Based on William Shakespeare’s “Romeo and Juliet”, West Side Story takes us into the heart of New York’s Upper West Side in the mid-1950s. The film opens with aerial shots showing the enormous scope of the city. But little by little it comes closer and closer down to the people in this neighborhood.
Here two teenage street gangs, the Jets and the Sharks, are bitter rivals in a turf war. And just like Romeo and Juliet, Tony (a former Jet) and Maria (sister of Bernardo, the Sharks gang leader) fall in love. And just like the Montagues and Capulets nobody is happy about it, especially because in this version the issue of race is front and center.
The members of the Sharks are from Puerto Rico and the Jets are a white gang. The film was made just 4 years after the musical’s Broadway debut so I’m pretty impressed at how honestly Leonard Bernstein (music) and especially Stephen Sondheim (lyrics) tackled race relations in the late 50s. The gritty theme, complex musical sequences, dynamic dance scenes, and focus on modern social issues really marked a defining moment in American musical theatre.
“Maria,” “America,” “Tonight,” “I Feel Pretty” and “Somewhere” are just some of the iconic songs in this musical.
The film adaptation stays true to the play. Even more than a musical, even more than Shakespeare, West Side Story is Broadway. The way they walk, talk, act, sing and dance…it’s all Broadway. Even the sets look like they’re on stage.
From the very beginning even the tough guys dance through the streets. Rival gangs “fight” through choreographed dance sequences. I don’t mean choreographed fights. I mean choreographed dancing to represent the fight. Sure, there are some punches thrown but in the midst are pirouettes, leaps and twirls.
But I’m not saying that as a complaint. Frequently film versions of musicals just feel like someone set up a camera and shot the play. But because the direction and cinematography are so top notch the “stage quality” doesn’t come across like something less but rather something more.
The great Saul Bass’ overture backdrop acts like a curtain ready to rise. The color changes along with the music. It’s the most effective overture in a best picture winner so far.
Bass was also consulted for the overall visual look of the film and boy does it show. The way it was shot is so stylistically intentional. The colors, the lighting, the framing of the musical sequences. You can see its influence on La La Land.
Rita Moreno is dazzling as Anita, Bernardo’s girlfriend and Maria’s closest confidante. She BY FAR exudes more sex appeal than any woman in a best picture winner so far. After last year’s winner The Apartment, West Side Story continues the more relaxed portrayal of male and female relationships. Even though it’s firmly a Broadway musical, the relationships are much more realistic than we’ve seen in most of the best picture winners from the 20s, 30s, 40s and 50s.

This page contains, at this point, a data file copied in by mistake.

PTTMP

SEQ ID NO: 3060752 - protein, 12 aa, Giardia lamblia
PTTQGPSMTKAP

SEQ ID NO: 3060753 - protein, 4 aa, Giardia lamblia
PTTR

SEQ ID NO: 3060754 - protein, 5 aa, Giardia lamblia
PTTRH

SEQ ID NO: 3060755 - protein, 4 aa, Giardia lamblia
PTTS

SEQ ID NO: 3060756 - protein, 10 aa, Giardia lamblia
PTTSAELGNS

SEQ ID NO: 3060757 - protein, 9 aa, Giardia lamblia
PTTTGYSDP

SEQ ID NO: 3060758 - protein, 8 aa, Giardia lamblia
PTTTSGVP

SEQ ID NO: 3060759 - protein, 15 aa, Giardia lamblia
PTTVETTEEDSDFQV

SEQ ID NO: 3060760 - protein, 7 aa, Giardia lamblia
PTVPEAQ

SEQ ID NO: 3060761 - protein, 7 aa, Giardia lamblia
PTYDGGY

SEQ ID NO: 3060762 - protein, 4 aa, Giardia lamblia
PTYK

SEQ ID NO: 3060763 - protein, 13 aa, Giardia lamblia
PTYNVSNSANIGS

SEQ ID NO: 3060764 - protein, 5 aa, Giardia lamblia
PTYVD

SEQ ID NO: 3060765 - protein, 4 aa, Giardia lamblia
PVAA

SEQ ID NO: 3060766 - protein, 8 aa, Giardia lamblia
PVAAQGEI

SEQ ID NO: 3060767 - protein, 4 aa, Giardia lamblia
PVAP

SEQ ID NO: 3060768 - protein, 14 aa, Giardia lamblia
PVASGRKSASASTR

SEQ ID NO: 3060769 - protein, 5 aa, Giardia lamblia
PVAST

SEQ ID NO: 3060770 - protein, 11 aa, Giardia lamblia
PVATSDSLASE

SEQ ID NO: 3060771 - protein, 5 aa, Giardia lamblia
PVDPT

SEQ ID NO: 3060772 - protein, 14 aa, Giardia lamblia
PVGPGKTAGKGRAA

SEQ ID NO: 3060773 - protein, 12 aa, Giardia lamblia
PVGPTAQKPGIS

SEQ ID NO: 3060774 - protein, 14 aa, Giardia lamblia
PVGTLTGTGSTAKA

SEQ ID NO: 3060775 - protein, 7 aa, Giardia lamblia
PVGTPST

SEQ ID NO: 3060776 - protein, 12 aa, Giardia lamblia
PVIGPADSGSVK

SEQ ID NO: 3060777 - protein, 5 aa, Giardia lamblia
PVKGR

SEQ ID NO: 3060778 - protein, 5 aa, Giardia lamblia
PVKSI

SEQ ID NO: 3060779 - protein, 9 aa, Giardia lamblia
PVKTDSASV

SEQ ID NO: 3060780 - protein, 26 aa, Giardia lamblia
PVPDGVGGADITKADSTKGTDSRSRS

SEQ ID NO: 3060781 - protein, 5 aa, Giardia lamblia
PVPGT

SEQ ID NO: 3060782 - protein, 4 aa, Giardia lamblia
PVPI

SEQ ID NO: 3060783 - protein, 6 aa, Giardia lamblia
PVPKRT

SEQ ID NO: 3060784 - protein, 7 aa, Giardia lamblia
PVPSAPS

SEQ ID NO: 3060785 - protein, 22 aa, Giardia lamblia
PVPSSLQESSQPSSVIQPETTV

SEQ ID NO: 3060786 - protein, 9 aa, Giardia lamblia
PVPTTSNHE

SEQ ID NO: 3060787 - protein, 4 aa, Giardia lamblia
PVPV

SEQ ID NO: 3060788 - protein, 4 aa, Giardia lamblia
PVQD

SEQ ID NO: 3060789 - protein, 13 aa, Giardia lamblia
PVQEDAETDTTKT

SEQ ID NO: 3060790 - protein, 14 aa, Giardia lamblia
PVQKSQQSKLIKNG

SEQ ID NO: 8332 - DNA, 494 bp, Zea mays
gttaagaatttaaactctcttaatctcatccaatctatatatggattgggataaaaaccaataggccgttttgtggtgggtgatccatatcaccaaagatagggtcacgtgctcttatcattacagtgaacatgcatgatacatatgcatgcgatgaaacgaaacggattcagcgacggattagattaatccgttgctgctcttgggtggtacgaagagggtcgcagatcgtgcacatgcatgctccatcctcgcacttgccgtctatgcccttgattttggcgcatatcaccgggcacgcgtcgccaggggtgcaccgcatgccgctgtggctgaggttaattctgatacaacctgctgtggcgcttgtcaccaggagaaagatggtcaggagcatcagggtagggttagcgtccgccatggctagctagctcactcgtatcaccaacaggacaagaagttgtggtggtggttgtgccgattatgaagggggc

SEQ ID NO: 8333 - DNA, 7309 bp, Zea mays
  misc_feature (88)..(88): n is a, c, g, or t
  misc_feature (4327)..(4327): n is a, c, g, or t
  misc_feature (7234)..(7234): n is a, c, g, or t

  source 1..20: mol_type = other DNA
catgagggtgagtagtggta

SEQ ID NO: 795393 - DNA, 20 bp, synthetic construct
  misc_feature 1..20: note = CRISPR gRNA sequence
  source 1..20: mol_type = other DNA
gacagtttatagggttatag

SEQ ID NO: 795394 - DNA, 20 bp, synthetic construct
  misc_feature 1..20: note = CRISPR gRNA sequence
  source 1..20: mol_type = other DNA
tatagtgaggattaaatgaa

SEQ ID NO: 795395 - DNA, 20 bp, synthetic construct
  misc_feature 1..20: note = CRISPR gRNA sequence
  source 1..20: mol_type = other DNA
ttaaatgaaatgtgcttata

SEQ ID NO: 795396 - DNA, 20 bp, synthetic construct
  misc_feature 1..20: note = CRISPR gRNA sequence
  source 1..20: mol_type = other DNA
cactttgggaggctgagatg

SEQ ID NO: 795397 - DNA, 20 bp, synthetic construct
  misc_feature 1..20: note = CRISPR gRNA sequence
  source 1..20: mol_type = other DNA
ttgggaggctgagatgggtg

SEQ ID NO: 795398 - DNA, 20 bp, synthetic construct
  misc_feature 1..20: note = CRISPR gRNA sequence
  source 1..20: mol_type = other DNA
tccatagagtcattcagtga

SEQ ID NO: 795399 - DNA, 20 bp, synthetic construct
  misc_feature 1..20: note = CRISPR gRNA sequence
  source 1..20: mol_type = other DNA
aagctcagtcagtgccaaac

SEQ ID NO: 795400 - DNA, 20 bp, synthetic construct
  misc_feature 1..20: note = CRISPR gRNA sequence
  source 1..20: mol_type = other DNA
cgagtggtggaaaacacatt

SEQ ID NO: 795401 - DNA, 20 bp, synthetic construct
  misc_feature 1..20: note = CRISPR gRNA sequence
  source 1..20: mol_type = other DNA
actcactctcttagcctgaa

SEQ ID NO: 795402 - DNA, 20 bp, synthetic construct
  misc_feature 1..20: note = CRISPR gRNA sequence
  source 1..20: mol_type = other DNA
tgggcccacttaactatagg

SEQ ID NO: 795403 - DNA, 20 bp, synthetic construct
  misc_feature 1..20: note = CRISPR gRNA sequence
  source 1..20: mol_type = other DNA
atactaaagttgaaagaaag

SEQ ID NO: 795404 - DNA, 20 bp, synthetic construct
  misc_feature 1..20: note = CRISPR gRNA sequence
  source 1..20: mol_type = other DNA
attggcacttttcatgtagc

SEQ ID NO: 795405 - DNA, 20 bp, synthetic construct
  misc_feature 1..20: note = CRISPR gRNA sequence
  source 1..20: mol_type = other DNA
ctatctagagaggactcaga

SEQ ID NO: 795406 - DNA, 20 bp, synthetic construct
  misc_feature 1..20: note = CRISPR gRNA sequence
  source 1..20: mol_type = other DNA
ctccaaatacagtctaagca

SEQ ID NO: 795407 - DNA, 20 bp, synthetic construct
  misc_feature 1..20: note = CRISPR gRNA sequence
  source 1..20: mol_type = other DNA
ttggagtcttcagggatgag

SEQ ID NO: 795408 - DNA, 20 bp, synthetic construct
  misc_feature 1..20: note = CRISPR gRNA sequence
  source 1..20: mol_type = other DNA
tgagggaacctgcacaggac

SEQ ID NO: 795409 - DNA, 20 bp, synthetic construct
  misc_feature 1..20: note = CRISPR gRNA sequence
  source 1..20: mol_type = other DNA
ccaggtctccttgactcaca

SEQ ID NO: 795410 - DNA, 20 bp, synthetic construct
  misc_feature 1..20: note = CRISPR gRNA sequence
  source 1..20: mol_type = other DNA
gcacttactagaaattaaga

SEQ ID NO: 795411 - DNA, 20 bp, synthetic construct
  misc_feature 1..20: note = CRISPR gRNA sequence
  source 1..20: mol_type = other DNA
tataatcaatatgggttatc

However the acting is hit and miss. Moreno and George Chakiris (Bernardo) won supporting Oscars and Simon Oakland as Lieutenant Schrank is very good. But Natalie Wood (Maria) is only OK and Richard Beymer (Tony) doesn’t have much charisma or star power and his voice isn’t that great.
There were a number of other actors considered for the role of Tony. It’s a little mysterious how Beymer beat out guys like Warren Beatty, Burt Reynolds and Anthony Perkins. Elvis and Bobby Darin actually turned it down. Can you even imagine?
Speaking of vocal prowess, gotta give a shout out to Marni Nixon who did all of Natalie Wood’s singing. She did the same for Deborah Kerr twice (The King and I and An Affair to Remember) and Audrey Hepburn in My Fair Lady.
It’s a little on the long side. At 2-1/2 hours there’s probably a good 20 minutes or so that could have easily been trimmed down. But the end is strong and completes the story nicely. If you’re familiar with Romeo and Juliet you can figure out how this tragedy ends.
West Side Story became the third film in the last four years to win 9 or more Oscars. Those films combined for 40 Oscars out of 42 nominations.
For the first time, two directors (Robert Wise and Jerome Robbins) shared the best director award.
Robert Wise had already directed nearly 30 feature films but he had not experience directing a musical. Jerome Robbins, who had directed West Side Story on Broadway, was brought in to direct the musical and dance sequences. But about a third of the way into production the producers got concerned that the film was running over-budget so they fired Robbins. From that point on the dance numbers were directed by Robbins’ assistants. But even though Robert Wise directed the vast majority of the film he recognized that Robbins’ creative contribution to the film was significant and agreed he should be given co-directing credit.
Apparently Wise learned a lot from Robbins about directing a musical because he’d turn around and do it again 4 years later in a little production called The Sound of Music.